I come to this topic today under the message that Jesus gave us in today's gospel. It seems very much to me like we are witnessing these two candidates standing in our midst, not praying as in the parable, but like in the parable, two “who trusted in themselves that they were righteous and regarded others with contempt.” It is not a perfect illustration, but I think we can follow this a little further. Can you hear Donald Trump giving thanks that he is not like Hillary Clinton-- “I did not put the nation at risk with personal email account, I did not lie to escape prosecution, I do not avoid paying my fair share of taxes”...well, maybe not. Or Hillary, “I am not like this man, I don't put up with abuse of women, I'm not a thief or an adulterer” ...too true of Donald....
I'm not doing this to make a political statement. I'm doing this to bring this 1st century parable into the 21st century. It is easy to recognize the difference in attitude in the parable, easy to see those “attitudes” in our presidential candidates. But how are we at examining our own lives? As I considered this question, I recognized a tendency of mine and it seems to show up in our small group discussions. How does this compare to the prayer of that Pharisee? “I thank you God that we are not like St. Paul's Lutheran who won't pray with us. That we are not like Cornerstone who seems to be stealing members from our churches. That we are not judgmental like other churches....” I do it myself. Self righteous, self aggrandizing prayers.
We can do it with our own fellowship here at church; “I thank you God that I am not like those other members who don't come to bible study...that I am not like those who don't have time to be an officer...that I am not like those who are not voting the same as me....”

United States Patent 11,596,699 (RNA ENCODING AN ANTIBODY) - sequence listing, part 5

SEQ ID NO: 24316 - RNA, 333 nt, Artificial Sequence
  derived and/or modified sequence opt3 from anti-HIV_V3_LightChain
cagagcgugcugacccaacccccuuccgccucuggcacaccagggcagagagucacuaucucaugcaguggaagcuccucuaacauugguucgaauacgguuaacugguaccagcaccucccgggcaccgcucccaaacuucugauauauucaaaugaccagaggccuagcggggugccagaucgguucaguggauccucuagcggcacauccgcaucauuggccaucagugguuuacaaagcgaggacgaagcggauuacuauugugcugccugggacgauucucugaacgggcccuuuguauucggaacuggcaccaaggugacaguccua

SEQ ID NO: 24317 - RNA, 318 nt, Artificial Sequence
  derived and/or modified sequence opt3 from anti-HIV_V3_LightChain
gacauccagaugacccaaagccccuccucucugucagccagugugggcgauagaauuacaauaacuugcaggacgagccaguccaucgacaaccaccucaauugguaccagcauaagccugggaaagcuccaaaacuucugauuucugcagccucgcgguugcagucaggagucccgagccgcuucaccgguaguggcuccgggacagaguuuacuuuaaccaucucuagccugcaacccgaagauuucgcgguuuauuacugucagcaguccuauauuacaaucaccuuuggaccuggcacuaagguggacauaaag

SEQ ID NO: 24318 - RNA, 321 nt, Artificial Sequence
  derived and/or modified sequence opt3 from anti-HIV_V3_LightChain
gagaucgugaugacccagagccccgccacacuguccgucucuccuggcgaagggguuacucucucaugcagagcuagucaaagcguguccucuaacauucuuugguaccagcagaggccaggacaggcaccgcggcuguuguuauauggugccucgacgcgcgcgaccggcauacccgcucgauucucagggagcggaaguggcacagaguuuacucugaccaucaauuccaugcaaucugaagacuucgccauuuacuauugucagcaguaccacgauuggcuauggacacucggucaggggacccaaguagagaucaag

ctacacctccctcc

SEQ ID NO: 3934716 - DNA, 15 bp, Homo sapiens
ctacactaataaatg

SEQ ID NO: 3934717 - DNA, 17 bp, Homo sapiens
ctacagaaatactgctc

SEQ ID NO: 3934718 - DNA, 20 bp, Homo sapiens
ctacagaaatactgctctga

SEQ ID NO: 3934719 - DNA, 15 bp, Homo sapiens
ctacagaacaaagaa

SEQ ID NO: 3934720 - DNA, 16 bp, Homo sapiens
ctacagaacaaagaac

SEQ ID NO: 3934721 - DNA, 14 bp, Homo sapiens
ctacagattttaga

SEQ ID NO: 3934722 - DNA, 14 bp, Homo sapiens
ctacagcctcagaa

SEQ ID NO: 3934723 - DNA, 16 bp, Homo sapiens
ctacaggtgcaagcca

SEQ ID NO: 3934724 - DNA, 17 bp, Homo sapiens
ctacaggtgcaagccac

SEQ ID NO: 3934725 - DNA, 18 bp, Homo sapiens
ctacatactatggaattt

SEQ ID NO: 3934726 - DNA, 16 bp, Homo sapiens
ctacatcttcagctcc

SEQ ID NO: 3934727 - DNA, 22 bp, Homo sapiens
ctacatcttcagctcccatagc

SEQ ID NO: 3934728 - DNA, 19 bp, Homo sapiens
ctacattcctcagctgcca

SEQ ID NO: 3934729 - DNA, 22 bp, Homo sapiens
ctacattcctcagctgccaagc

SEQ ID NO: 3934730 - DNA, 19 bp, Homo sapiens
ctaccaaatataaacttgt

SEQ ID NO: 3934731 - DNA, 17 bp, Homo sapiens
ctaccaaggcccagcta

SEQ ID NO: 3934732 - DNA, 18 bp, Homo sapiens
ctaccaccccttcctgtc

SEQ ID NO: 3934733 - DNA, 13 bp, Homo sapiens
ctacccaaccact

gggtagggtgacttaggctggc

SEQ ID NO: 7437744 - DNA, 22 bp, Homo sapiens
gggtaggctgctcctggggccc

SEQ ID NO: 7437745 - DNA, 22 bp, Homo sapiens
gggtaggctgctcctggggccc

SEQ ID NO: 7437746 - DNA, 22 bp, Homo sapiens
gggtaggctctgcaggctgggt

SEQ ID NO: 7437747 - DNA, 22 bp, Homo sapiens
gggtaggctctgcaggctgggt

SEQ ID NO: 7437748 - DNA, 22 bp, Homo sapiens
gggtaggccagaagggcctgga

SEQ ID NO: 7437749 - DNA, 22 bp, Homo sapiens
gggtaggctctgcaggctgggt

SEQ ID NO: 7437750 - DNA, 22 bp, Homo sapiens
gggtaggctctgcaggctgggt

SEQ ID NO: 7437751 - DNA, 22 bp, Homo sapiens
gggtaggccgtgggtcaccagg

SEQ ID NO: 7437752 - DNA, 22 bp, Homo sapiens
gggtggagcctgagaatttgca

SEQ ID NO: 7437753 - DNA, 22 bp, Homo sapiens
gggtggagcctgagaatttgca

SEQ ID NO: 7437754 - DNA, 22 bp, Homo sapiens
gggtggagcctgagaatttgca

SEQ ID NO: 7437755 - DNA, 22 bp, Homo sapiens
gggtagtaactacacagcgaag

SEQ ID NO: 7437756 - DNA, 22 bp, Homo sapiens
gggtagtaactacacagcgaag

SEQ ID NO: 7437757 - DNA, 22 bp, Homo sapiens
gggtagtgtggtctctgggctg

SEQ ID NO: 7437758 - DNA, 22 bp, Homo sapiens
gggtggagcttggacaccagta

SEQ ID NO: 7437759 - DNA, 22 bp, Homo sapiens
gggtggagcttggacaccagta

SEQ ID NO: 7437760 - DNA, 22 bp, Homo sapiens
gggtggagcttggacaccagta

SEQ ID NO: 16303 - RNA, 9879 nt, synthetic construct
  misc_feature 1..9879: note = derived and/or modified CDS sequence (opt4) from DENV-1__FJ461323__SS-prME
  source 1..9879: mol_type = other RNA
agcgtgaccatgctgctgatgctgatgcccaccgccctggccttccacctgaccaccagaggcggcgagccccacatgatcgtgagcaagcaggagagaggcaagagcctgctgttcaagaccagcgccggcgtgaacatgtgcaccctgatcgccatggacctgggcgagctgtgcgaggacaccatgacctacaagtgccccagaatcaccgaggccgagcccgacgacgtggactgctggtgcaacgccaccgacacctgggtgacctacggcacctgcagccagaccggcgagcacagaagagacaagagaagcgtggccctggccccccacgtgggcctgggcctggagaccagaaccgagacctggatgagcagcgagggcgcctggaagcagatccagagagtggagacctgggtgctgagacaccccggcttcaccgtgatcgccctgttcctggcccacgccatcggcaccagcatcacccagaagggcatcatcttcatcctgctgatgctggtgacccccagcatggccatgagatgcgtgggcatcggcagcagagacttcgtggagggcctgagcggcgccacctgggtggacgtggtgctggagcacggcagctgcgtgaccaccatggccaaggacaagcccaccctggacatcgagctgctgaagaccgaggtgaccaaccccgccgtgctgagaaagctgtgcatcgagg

Jesus exaggerated a bit in his parable, but maybe not as much as it looked like at first glance. He is calling each of us to examine our life and see where we are judging others to be less than us because they don't do what we see as righteous. He calls us to understand that we are not made righteous by convincing God that we are better than so and so, by comparing. We are made righteous by Christ. And so he is calling us to make sure we have, at some time, acknowledged our great need for the mercy and grace of God. The Publican's prayer is a prayer we all need to pray, `God, be merciful to me, a sinner!' Wm E Gladstone, former British Prime Minister, was once asked what is the great lack of modern life? He replied, “a sense of sin; that is the great lack of modern life.” We as Christians dare not lack that sense that we are each a sinner, forgiven by God. Gladstone's explanation of our lack of a sense of sin certainly comes through in the public square. I began with a look at the lack of humility and basic decency seen in our politics. But the question should come to us as a personal question—am I aware of the sin in my life? Which of the pray-ers in the gospel are you? Which one are we in the statement Jesus makes? “all who exalt themselves will be humbled, but all who humble themselves will be exalted." It is easy to look at Donald and Hillary and say “that's just not right”. It is a little tougher to look at our own lives and see where we are falling short of Christ's example of humility.